As more and more cases of antibiotic resistance occur all over the world, experts are looking for the most effective ways to take down superbugs.

Last year, the World Health Organization (WHO) dubbed the alarming surge of antibiotic-resistant superbugs a global health crisis.

The WHO said people are confused about the role of antibiotics and the correct way to take them. The misuse of antibiotics has thus spurred the development of drug-resistant superbugs.

Unless antibiotic resistance is managed, the WHO said common infections and curable diseases such as tuberculosis and gonorrhea will become deadly once again.

"It's a real threat today," said Dr. David Agus, an expert on cancer and biotechnology. "It's going to be a bigger threat. Every time somebody has a fever, a doctor can give them an antibiotic. We have to stop that."

Now, a new study in the United Kingdom has found that a certain protein from human breast milk may be the key to successfully combating superbugs.

The Science Behind The Anti-microbial Properties Of Breast Milk

Experts have known for a long time that breast milk is essential to the health of babies. Children who have been breast-fed benefited from an extra layer of protection against disease during the critical months of their life.

Conducted by University College London and the National Physical Laboratory, the new research discovered that the protein fragment lactoferrin destroys fungi, viruses and bacteria at the moment of contact.

Lactoferrin is a component of a protein naturally found in breast milk. The fragment is less than a nanometer across, and it provides breast milk its antibiotic properties.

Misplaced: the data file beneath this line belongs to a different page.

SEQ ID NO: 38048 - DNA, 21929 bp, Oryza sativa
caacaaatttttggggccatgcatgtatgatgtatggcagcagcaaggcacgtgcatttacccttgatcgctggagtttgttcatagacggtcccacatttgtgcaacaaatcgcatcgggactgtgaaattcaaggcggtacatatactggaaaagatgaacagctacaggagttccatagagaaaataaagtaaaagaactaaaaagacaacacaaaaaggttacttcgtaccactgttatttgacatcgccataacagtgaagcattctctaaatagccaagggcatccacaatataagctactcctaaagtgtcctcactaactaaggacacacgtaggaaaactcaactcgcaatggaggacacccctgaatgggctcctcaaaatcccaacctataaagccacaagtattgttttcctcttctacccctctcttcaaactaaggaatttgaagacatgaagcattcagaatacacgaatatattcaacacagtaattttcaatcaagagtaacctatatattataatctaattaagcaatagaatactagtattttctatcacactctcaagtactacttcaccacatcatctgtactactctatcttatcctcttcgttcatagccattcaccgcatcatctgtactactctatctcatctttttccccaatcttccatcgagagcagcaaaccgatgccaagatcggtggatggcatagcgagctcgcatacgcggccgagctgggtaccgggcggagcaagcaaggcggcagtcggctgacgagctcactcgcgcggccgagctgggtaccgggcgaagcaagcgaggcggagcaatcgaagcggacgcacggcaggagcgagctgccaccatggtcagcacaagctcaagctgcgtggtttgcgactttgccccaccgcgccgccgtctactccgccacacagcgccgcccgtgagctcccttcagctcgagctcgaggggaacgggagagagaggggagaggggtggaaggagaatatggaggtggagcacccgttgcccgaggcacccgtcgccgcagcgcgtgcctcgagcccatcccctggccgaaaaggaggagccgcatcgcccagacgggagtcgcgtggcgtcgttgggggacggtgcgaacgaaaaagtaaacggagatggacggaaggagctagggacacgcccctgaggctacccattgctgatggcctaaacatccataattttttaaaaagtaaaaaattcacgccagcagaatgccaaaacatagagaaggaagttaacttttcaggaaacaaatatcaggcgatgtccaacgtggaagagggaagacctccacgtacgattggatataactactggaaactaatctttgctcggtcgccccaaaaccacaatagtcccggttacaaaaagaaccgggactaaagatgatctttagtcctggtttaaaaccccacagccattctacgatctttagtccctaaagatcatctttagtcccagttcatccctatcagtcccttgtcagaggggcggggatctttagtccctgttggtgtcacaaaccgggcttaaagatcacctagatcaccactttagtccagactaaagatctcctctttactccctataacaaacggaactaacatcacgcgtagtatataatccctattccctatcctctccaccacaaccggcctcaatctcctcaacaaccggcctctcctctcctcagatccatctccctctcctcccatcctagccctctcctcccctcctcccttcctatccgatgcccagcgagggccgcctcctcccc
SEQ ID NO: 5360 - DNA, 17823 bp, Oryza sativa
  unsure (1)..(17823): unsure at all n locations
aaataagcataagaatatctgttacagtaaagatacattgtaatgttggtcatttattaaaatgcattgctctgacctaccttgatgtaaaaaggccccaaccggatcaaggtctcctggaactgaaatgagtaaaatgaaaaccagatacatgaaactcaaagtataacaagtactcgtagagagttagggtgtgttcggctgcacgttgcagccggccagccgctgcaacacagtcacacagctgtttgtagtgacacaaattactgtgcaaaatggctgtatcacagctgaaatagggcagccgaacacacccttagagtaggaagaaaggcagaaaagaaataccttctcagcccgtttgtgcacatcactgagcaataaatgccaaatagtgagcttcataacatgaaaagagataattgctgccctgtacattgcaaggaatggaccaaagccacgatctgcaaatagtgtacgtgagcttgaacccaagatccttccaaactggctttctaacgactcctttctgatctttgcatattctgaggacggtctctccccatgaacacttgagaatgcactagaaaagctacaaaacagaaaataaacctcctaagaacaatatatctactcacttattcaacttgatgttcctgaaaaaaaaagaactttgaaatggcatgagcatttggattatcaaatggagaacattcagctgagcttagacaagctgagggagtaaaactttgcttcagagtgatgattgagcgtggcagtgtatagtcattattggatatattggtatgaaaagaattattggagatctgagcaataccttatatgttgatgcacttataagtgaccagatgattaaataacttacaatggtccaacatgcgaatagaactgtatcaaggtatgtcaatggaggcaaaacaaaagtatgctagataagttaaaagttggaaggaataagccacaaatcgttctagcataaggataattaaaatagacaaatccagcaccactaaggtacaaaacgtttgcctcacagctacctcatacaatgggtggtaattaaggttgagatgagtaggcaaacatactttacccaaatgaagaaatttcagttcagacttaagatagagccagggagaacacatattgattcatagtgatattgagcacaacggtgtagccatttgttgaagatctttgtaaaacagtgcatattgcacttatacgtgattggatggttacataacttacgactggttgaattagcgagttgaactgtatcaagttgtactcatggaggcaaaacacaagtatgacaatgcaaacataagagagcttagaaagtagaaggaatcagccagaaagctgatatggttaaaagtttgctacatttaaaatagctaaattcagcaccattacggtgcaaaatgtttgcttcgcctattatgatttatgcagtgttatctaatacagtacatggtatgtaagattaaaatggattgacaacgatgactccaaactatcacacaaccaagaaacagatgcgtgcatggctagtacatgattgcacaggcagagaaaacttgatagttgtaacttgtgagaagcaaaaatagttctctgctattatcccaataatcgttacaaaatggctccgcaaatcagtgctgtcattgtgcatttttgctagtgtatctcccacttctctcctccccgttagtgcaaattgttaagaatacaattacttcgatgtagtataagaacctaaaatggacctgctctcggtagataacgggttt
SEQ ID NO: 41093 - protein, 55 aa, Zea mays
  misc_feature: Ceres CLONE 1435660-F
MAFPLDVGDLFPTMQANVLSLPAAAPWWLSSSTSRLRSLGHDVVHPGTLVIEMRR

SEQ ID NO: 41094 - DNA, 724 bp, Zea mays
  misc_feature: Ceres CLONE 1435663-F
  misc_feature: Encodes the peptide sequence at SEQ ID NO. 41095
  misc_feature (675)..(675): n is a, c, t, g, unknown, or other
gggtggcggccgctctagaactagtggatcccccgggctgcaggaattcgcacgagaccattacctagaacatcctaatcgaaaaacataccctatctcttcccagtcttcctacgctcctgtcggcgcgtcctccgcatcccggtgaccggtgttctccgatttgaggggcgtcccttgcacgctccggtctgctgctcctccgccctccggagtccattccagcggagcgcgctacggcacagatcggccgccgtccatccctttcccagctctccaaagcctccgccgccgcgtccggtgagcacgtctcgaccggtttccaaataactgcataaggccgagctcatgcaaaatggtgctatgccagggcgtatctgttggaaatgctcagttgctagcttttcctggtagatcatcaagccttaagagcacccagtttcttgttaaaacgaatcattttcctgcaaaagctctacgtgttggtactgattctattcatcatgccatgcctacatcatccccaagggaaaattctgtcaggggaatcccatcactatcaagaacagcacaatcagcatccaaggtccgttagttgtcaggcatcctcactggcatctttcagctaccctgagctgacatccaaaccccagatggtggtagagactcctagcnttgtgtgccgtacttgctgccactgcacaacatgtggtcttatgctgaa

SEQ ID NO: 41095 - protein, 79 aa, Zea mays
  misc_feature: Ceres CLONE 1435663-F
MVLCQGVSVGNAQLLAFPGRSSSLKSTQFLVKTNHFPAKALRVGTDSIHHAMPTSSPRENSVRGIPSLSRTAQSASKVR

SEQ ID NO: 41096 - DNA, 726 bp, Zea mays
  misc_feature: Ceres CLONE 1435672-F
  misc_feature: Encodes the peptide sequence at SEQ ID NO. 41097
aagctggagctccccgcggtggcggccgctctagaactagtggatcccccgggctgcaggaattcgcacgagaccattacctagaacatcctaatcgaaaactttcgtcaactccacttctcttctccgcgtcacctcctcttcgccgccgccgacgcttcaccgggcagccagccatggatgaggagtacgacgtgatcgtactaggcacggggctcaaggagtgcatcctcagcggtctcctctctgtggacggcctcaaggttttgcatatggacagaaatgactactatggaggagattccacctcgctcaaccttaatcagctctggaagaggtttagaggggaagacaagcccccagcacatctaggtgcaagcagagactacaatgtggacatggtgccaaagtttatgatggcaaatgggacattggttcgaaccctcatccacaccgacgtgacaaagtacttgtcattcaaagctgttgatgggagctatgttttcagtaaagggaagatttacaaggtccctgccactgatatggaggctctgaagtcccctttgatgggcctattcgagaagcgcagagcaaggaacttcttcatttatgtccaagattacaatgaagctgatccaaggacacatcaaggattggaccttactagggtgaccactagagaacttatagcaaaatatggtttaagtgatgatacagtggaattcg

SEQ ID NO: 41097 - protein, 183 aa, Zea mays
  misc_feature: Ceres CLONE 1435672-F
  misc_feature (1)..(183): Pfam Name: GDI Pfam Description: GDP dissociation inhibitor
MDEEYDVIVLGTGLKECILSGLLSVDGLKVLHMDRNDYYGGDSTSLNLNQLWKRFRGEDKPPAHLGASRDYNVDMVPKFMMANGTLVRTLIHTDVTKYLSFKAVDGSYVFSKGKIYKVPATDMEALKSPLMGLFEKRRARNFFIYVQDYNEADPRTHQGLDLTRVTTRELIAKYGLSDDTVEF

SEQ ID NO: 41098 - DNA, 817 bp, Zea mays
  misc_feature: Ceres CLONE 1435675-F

In this case, lactoferrin is more than just another antibiotic for superbugs to overcome and again become resistant to. Because lactoferrin works so fast - killing the bacteria in a fraction of a second - experts hope that superbugs simply won't have time to develop resistance to it.

Working At A Microscopic Level

Scientists have known about lactoferrin since the 1960s, but it is only now that they have honed in on the properties of the protein.

The research team first isolated the protein from breast milk. The protein is actually present in other liquids in the body as well, such as tears, saliva, and nasal secretions.

Their next step was to turn the highly-potent protein into a form that could still tear apart viruses and bacteria without harming human host cells.

The team engineered the lactoferrin itself into a virus-like form, a capsule, that can distinguish and attack specific, virulent bacteria.

"To monitor the activity of the capsules in real time we developed a high-speed measurement platform using atomic force microscopy," said student Hasan Alkassem, one of the researchers of the study.

Alkassem said their task was not only to make the capsules visible, but to follow how they attack bacteria.

In the end, the special lactoferrin capsules acted as projectiles that destroyed the bacterial membranes with efficiency and at bullet speed, he said.

What's Next For Lactoferrin?

Doctors cannot prescribe lactoferrin to patients just yet, as more research and a battery of safety checks have to be conducted to make sure that the protein is not dangerous.

Still, Alkassem and his team hope that lactoferrin may someday be used to defeat superbugs. Not only that, it may also even be helpful in fighting against other incurable diseases such as sickle-cell anemia, researchers said.

Their findings are published in the journal Chemical Science.

Photo: Shellie Johnson | Flickr

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